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Developing a Working Thesis

Finding an Angle Assignment Internet Resources

A thesis is the controlling idea of a paper. For an informative essay, the thesis identifies your focus.

For example, if you research identity theft, you will find information on many aspects of the topic:

In a 3–5 page paper, you cannot begin to cover all angles on your topic. Your thesis identifies the angle you will cover. This helps you focus your research, as the example below shows. A thesis also lets readers know what to expect; if your focus is on the emotional impact of identity theft, readers cannot complain that you don't cover ways to avoid becoming a victim.

Identity Theft
Angle

 

What is identity theft?

How can people protect themselves against identity theft?
Thesis Identity theft is a fast-growing crime committed by thieves who use stolen personal information to commit various types of fraud, including theft of credit, driver's license information, and medical identity. To protect themselves against identity theft, consumers should understand how identity thieves work, guard their personal information, and learn how to fight back.
Content covered

Three common types of identity theft are

• credit identity theft

• driver's license identity theft

• medical identity theft

Three ways consumers can protect themselves include

• knowing how identity thieves work

• guarding their personal information

• learning how to fight back

     

How do I develop a working thesis?

To generate a working thesis, follow these steps:

  1. Read your sources and take brief notes on them.
  2. Brainstorm interesting ideas from the articles, using techniques such as freewriting, questioning, and graphic organizers.
  3. Generate a research question by completing this sentence: I want to know why/how/what....
  4. Generate a thesis, which is the answer to your research question.
  5. Be sure that your thesis is not a question (Is identity theft a problem?), but a statement (Identity theft is one of the fastest growing crimes.)

For a more detailed explanation of how to generate a thesis, see The KU Handbook for Writers, pp. 41-44.

Why is my first thesis called a working thesis?
Your ideas about your topic may change as you continue to work on your essay. You might discover a new angle that is more interesting than the one you first chose. Your first thesis may boring, so you may have to look for an approach that will give readers new information. You may even learn something that causes you to change your thinking about a topic. As your thinking changes, your thesis may also change.

How will having three main points help me write my paper? As you do your research, you can concentrate on sources that give you statistics, examples, reasons, and opinions to support each point. You can ignore material that is not related to your main points. (See The KU Handbook for Writers, pp. 60-64.) As you write your draft, you can expand each of the bullet points in the Content section into a full paragraph. (See The KU Handbook for Writers, pp. 107-110, for a more detailed explanation.)

Three main points can also be expanded into a book. For example, in Why Kids Kill: Inside the Minds of School Shooters, Peter Langman analyzes three types of shooters: psychopathic, psychotic, and traumatized.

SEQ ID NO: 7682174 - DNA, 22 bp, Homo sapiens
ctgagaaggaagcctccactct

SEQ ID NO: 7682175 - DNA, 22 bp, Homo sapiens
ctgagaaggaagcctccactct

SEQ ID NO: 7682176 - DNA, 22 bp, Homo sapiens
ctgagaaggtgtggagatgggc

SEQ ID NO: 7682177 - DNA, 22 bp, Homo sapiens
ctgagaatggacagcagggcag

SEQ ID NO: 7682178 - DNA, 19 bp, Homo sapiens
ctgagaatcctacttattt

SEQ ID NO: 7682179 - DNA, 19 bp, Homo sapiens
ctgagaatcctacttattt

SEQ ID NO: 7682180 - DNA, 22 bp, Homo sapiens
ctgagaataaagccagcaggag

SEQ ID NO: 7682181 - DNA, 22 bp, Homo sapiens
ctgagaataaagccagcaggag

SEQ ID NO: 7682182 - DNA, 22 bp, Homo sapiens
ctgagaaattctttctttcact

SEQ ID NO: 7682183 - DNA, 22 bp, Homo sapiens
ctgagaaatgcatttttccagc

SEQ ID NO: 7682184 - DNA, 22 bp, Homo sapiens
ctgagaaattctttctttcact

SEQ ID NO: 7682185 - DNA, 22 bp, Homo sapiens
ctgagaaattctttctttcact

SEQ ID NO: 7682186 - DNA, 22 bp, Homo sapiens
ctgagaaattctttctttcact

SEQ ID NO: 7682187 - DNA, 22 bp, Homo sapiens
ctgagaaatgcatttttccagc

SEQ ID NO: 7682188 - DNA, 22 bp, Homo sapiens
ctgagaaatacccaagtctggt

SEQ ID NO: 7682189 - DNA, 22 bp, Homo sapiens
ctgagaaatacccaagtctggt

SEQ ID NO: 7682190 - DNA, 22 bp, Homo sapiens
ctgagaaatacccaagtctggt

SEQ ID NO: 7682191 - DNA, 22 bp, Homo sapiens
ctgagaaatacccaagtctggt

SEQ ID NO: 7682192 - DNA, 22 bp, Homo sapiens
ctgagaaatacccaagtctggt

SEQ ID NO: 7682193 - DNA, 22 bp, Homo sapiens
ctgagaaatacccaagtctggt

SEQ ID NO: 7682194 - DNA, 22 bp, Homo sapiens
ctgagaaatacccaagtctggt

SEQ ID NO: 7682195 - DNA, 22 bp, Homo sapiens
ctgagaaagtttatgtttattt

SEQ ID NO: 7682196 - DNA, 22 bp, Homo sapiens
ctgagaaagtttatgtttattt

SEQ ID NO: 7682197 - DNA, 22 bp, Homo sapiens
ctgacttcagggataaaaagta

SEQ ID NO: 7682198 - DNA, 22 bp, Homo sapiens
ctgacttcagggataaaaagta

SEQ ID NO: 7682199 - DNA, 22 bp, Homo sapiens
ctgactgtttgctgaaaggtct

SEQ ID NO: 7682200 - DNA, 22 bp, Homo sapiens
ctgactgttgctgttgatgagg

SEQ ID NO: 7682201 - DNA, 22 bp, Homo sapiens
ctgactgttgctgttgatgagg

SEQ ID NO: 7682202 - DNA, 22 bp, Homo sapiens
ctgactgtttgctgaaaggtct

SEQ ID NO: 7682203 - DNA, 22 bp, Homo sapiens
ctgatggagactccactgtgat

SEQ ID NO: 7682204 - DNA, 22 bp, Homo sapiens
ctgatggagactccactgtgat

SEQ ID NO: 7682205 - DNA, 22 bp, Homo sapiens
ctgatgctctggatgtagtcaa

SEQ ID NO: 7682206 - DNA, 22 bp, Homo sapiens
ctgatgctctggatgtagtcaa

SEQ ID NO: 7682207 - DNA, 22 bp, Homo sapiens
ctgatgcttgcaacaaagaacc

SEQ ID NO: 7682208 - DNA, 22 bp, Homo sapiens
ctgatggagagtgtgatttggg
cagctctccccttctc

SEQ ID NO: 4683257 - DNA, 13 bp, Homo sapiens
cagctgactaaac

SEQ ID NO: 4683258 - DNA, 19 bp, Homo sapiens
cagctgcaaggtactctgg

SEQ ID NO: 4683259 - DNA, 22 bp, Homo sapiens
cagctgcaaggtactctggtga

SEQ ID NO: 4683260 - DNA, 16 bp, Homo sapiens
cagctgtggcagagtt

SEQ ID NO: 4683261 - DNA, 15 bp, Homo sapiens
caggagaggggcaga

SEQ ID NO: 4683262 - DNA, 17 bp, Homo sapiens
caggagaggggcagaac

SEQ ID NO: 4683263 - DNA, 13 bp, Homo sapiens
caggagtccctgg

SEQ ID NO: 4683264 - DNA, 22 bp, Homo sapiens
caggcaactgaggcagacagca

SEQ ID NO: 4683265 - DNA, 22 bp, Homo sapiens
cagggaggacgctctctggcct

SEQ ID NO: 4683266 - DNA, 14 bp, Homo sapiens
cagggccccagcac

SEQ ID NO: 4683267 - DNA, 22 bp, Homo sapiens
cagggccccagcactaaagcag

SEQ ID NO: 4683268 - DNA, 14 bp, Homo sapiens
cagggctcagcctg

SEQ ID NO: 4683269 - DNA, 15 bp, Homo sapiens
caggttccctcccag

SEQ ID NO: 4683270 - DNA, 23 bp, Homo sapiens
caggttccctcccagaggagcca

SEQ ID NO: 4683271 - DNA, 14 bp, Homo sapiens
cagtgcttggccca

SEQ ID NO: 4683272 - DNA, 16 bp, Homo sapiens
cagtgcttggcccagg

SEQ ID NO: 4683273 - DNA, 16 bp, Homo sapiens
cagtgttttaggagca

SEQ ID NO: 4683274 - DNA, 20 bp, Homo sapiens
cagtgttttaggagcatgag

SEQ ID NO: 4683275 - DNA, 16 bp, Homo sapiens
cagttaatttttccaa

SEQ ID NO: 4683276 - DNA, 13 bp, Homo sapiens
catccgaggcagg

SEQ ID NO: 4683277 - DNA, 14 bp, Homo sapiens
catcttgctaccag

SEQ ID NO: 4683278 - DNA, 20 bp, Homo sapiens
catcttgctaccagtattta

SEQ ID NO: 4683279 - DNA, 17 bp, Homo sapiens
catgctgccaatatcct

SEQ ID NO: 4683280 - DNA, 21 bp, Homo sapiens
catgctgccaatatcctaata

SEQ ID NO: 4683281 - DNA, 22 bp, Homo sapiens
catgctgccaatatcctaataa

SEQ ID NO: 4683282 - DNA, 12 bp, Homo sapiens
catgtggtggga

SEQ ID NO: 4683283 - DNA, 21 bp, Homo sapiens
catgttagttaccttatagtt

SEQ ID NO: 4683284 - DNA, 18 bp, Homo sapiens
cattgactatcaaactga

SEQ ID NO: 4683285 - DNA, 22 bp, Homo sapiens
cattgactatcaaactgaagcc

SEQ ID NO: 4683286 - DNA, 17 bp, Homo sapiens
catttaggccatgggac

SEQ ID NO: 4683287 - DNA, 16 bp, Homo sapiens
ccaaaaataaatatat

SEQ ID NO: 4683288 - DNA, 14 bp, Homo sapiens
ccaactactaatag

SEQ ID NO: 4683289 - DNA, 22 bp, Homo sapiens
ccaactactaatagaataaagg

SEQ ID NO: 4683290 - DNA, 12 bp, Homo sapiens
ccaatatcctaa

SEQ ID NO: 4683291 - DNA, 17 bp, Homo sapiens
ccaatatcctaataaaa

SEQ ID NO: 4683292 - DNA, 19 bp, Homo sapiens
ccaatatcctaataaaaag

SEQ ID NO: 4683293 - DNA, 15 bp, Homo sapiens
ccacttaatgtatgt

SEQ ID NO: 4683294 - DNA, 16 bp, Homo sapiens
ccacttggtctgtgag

What are the requirements for the CM102 Unit 3 assignment?

  • Follow rubric for Unit 3 Project (on KU-ACE) if you are comfortable using 1-2-3 order.
  • If you prefer to organize by making associations or writing about your topic, discuss alternatives like concept-mapping, a progress report, or an exploratory essay with your instructor.
  • Your purpose is to identify the focus of your paper and the main points you plan to develop.

Why should I take time to make a plan?

Researchers have found that those who make a plan before writing generally produce higher quality work. In fact, experienced writers in the workplace might use up to 40% of their time on a writing project to plan.

If you prefer to just start writing, you can still use that method. Go ahead and start writing as usual. Then, when your ideas start to gel, pause long enough to identify your main point and the ideas that support it. Then you can jump back into your writing.

Internet Resources for Developing a Thesis Statement

Getting Ideas

Prewriting Techniques (Kaplan Writing Lab 1.1.C)
Getting Ideas (Webster CC)
Developing a Research Question (Empire State)
The Question Is the Answer (McKenzie)
How to Create a Concept Map (Utah State)
Using a Topic to Generate Questions (UWashington)

 

Developing an Informative Thesis

From Topic to Research Question to Thesis (Kaplan Writing Lab 1.1.B)
Writing a Thesis Statement (Kaplan Writing Lab 2.1)
Thesis Statement (LEO)
Criteria for a Strong Thesis (Toronto District School Board)
Thesis Statement (U Richmond Writing Center)
Thesis Statement: Tip Sheet 13 (CLRS)
Re-evaluating Your Topic and Research Strategy (OhioLINK)

Organizing an Essay

Essay Structure diagram (JCU Study Skills Online)
Alternatives to Outlining (JCU Study Skills Online)
Wizard: Create-a-Paper template (Maricopa)
Outline for Five-Paragraph Essay
Basic 5-paragraph essay with plan of development and outline (.html)
Basic 5-paragraph essay with parts labeled (.html)
Developing an Outline (Purdue OWL)
Beyond the 5-paragraph Essay (Dartmouth Writing Center)
Find the organization that's best for your topic: Thinking Strategies and Writing Patterns (U Maryland)
   

 

 

 

 

    

 

Copyright in these materials belongs to C. Munzenmaier © 2010.
Teachers are free to reproduce or modify them for nonprofit educational use.

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